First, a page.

Former Miss Arizona ; Featured in Al Roker Productions - Brain Attack: A Stroke Survivor's Guide; Guest Appearances on Larry King Live & NBC Today Show
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In 2002, Leean Hendrix was on top of the world. The 26-year old former Miss Arizona was confident, ready to take on any challenge. That all changed when a stroke robbed her of movement on one side of her body, stripped away her self-confidence and » Read Full Bio
In 2002, Leean Hendrix was on top of the world. The 26-year old former Miss Arizona was confident, ready to take on any challenge. That all changed when a stroke robbed her of movement on one side of her body, stripped away her self-confidence and erased her memory. "It was like the muscles behind my eyes had broken," Hendrix explained. "It's not even a dizziness. It's almost like I didn't have any control over my eyes." Leean knew she was having a stoke as she viewed the entire right side of her body drooping and lifeless.
Leean spent six hours at a Phoenix' hospital floating in and out of consciousness as medical teams tried to diagnose her problem. She tried to convince doctors and nurses that she had experienced a stroke. Instead she was asked repeatedly what type of drugs she had taken. Leean tried to explain that she was Miss Arizona and had never used drugs or alcohol. Days passed and she was transferred to a neurological institute where an expert identified her stroke and began treatment. Had she gotten tPA (medication) in the first three hours she probably would have walked out of the hospital a day or two later. Instead, she went home after a week, an invalid confined to a wheelchair, unable to feed or bathe herself or use the bathroom unattended, communicating only in baby talk.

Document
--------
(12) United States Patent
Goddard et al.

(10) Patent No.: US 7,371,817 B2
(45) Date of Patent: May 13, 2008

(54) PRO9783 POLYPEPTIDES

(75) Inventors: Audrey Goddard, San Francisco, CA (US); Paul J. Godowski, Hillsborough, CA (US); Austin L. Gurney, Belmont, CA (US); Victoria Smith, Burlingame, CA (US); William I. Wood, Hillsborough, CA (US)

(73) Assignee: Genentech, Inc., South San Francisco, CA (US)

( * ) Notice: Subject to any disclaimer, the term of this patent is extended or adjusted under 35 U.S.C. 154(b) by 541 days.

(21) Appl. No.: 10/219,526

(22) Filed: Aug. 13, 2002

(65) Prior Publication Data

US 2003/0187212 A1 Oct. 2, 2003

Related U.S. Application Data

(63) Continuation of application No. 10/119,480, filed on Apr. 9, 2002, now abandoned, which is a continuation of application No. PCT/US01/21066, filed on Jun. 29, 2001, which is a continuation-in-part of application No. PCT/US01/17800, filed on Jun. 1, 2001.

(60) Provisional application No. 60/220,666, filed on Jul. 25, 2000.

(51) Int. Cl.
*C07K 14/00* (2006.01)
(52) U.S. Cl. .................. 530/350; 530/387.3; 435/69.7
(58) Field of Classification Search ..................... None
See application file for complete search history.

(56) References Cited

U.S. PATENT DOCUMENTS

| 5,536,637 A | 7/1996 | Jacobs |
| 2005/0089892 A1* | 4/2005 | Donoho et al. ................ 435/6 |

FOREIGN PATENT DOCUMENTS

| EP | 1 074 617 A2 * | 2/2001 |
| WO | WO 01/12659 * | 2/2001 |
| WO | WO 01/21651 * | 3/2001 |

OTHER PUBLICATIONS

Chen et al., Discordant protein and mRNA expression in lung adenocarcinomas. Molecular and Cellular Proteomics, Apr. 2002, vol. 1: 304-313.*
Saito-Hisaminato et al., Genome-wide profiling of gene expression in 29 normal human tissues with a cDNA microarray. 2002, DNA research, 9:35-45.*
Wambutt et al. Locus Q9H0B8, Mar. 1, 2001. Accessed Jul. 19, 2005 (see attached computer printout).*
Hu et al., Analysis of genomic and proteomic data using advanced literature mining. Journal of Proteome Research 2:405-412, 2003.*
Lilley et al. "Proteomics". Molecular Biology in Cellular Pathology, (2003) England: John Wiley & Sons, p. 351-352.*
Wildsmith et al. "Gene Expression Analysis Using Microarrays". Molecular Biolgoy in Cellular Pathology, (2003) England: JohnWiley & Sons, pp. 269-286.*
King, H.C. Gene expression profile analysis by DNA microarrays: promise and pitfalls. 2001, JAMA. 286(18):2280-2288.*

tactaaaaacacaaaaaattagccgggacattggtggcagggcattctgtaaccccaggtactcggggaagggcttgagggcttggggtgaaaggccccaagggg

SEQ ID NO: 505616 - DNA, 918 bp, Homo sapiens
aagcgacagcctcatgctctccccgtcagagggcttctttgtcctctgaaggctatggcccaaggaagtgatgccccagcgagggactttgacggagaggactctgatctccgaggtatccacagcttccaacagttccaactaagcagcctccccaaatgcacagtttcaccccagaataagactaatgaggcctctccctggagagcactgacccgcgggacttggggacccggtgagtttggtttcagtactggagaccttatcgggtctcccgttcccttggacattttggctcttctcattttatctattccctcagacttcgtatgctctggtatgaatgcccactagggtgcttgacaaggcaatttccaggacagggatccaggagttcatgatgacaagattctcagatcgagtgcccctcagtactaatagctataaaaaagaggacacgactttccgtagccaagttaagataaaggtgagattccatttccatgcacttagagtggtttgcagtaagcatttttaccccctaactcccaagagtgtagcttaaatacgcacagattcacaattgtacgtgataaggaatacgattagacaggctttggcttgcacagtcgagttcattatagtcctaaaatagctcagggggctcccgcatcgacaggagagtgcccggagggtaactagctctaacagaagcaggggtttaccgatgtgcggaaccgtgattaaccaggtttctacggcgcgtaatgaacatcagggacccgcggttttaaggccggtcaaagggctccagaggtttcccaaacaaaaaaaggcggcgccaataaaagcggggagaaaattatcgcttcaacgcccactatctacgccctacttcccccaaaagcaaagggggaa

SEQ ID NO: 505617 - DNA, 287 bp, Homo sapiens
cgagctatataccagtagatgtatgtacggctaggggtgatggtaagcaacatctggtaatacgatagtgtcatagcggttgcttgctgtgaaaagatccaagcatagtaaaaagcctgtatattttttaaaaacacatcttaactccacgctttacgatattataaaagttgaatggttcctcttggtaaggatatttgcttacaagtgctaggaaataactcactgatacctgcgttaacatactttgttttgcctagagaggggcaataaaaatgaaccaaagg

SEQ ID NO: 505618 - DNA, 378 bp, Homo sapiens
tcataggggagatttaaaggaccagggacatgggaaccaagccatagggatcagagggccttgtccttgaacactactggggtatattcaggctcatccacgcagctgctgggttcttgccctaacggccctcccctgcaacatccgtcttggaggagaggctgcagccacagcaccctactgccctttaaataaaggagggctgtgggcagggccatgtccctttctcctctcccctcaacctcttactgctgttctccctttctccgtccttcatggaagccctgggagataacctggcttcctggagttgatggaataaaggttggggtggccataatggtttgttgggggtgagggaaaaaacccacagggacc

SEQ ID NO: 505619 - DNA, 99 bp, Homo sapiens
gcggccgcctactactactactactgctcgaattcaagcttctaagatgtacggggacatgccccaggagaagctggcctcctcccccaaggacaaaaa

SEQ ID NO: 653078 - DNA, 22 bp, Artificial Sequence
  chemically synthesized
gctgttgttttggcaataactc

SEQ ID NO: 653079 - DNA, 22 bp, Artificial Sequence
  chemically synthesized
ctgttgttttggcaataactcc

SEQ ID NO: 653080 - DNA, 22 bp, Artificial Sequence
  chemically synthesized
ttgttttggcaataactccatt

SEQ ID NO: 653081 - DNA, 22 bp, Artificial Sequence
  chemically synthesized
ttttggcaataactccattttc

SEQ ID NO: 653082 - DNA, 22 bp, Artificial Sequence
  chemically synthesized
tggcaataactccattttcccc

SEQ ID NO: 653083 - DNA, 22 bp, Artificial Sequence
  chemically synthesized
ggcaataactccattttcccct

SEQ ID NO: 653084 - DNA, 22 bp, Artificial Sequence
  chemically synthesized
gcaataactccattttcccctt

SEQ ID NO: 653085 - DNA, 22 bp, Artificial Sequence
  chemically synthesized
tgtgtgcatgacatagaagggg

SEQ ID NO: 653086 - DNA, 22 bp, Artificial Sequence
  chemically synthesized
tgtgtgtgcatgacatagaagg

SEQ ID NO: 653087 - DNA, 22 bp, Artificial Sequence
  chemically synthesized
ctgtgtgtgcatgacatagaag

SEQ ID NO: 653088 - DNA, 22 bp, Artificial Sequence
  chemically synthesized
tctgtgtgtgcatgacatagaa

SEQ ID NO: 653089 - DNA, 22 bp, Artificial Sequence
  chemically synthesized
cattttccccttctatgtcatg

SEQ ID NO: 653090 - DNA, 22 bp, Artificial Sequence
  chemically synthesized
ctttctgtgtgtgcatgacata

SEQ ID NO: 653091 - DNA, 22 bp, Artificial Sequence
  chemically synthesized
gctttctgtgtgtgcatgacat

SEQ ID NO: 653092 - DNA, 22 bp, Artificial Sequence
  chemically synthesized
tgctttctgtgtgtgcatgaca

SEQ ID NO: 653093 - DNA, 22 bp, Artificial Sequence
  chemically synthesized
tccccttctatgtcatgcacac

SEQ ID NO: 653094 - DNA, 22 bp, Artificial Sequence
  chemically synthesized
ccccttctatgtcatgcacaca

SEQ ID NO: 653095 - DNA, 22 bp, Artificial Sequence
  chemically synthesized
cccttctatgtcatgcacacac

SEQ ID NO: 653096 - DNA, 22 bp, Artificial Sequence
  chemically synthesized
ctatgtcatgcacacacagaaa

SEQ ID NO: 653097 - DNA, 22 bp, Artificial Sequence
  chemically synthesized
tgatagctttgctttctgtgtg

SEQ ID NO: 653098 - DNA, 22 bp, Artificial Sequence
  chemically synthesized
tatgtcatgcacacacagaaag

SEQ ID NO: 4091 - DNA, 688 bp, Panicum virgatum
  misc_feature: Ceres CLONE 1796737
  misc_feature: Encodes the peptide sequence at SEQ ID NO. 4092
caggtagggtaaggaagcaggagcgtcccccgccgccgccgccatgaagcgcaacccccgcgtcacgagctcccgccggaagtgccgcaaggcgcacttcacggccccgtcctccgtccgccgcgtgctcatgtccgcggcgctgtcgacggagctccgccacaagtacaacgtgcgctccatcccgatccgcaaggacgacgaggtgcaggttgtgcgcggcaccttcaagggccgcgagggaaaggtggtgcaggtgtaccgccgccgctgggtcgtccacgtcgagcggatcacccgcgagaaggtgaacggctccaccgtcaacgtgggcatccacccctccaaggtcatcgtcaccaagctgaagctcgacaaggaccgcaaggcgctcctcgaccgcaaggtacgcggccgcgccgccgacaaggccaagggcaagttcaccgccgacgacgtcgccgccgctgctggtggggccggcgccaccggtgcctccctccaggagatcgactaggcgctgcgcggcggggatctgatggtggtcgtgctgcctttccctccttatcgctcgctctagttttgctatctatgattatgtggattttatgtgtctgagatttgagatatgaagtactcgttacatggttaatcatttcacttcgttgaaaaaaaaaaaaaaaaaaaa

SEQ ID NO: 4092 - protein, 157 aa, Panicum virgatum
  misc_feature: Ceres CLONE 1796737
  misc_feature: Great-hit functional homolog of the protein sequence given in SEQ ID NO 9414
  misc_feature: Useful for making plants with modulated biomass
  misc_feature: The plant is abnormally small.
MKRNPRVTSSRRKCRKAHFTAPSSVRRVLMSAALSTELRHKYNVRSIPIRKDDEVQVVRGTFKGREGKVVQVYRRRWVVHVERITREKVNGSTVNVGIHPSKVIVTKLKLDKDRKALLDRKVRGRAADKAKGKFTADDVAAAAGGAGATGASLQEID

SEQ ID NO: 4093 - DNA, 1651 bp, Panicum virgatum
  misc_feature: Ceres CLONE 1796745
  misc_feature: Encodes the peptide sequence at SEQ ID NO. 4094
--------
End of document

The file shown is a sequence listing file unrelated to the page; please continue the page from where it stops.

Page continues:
It took a year from Leean to regain the use of her right side. She had to re-learn to walk and even how to brush her own hair. Leean continues to suffer headaches and both long and short-term memory loss. She was a singer and loved to be on stage and yet her goals of past are far different from her goals today. While she has had struggles since her stroke, she isn't bitter or resentful. Instead she uses her story to educate and inspire and is a positive force helping other stroke survivors by sharing information. Her story has been featured on Larry King Live, NBC's Today Show, Ladies Home Journal, LA Times, among others.
Leean's experience shows why associations and volunteers across American are advocating for more research, education and screening to help prevent and cure heart disease, stroke and other cardiovascular diseases.